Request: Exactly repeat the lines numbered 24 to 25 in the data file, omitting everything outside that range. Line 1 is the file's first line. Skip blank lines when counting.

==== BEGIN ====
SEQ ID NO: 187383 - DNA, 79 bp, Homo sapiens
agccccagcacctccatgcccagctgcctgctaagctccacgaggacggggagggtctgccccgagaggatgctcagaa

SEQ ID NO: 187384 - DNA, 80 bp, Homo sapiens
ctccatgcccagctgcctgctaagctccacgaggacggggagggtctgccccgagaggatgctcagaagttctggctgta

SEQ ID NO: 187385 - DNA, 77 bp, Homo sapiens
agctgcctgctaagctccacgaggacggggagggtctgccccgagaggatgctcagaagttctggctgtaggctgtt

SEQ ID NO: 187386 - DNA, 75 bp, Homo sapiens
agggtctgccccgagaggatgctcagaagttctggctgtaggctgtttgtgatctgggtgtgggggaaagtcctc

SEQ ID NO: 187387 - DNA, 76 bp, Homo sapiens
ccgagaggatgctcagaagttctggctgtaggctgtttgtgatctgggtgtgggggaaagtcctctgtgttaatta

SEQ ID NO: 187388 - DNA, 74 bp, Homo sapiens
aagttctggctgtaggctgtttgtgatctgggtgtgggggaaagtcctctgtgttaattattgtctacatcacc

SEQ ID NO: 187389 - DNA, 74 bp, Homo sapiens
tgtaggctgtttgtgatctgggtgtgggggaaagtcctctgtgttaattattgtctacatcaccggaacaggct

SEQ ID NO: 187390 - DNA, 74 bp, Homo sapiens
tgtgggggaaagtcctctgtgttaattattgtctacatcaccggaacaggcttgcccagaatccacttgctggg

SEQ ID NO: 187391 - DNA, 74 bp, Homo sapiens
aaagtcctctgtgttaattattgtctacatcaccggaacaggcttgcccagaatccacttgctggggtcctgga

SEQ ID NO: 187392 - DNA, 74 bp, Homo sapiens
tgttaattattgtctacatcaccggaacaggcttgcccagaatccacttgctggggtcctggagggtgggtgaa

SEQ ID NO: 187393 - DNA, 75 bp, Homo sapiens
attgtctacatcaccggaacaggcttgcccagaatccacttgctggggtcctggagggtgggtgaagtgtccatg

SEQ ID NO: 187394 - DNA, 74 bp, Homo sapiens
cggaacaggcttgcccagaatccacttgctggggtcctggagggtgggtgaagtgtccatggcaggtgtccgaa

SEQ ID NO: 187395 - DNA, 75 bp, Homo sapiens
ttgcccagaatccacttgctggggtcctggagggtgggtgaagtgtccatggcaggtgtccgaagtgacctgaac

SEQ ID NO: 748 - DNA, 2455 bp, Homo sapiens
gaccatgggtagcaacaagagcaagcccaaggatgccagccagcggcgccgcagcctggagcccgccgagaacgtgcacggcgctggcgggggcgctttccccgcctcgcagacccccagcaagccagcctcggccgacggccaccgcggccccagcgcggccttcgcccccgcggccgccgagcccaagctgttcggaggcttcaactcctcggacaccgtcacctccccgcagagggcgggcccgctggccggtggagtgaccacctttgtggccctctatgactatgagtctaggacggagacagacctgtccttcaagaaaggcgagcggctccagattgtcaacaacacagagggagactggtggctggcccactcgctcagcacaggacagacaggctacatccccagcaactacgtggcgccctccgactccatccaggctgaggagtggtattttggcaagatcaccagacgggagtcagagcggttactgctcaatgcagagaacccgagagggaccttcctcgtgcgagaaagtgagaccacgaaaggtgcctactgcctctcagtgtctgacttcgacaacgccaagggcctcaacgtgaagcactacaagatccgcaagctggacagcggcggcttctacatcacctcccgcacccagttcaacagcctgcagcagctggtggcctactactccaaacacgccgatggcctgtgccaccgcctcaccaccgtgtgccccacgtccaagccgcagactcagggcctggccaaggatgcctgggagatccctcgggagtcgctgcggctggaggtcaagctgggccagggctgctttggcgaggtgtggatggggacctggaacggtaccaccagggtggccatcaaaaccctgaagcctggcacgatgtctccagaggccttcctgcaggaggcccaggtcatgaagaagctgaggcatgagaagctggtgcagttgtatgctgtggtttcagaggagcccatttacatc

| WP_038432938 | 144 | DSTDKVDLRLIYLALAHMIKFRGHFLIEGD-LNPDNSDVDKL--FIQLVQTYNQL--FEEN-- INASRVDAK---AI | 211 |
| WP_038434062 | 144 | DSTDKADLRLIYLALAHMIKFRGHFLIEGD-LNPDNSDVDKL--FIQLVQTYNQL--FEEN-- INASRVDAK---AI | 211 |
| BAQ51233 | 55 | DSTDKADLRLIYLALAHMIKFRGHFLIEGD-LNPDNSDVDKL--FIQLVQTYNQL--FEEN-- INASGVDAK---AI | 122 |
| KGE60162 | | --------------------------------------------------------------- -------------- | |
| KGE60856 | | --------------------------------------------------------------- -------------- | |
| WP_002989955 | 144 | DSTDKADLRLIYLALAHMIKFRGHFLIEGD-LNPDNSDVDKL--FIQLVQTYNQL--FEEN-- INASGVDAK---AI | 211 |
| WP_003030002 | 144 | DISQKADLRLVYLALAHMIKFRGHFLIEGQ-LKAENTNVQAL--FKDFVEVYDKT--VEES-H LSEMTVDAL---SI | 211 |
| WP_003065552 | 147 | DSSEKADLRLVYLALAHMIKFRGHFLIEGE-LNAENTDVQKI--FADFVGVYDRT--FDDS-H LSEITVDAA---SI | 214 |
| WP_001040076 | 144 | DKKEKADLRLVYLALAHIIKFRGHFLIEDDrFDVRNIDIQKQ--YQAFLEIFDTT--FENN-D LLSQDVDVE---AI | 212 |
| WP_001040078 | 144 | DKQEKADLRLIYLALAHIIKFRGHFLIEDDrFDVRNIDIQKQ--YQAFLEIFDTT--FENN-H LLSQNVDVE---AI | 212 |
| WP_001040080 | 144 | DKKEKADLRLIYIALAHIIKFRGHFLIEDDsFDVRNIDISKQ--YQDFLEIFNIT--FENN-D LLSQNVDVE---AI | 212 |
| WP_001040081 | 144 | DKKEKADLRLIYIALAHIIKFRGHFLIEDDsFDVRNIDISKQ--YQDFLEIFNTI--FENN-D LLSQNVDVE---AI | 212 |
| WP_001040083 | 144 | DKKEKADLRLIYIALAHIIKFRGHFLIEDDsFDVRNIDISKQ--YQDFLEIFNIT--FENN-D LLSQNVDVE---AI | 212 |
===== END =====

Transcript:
cggaacaggcttgcccagaatccacttgctggggtcctggagggtgggtgaagtgtccatggcaggtgtccgaa

SEQ ID NO: 187395 - DNA, 75 bp, Homo sapiens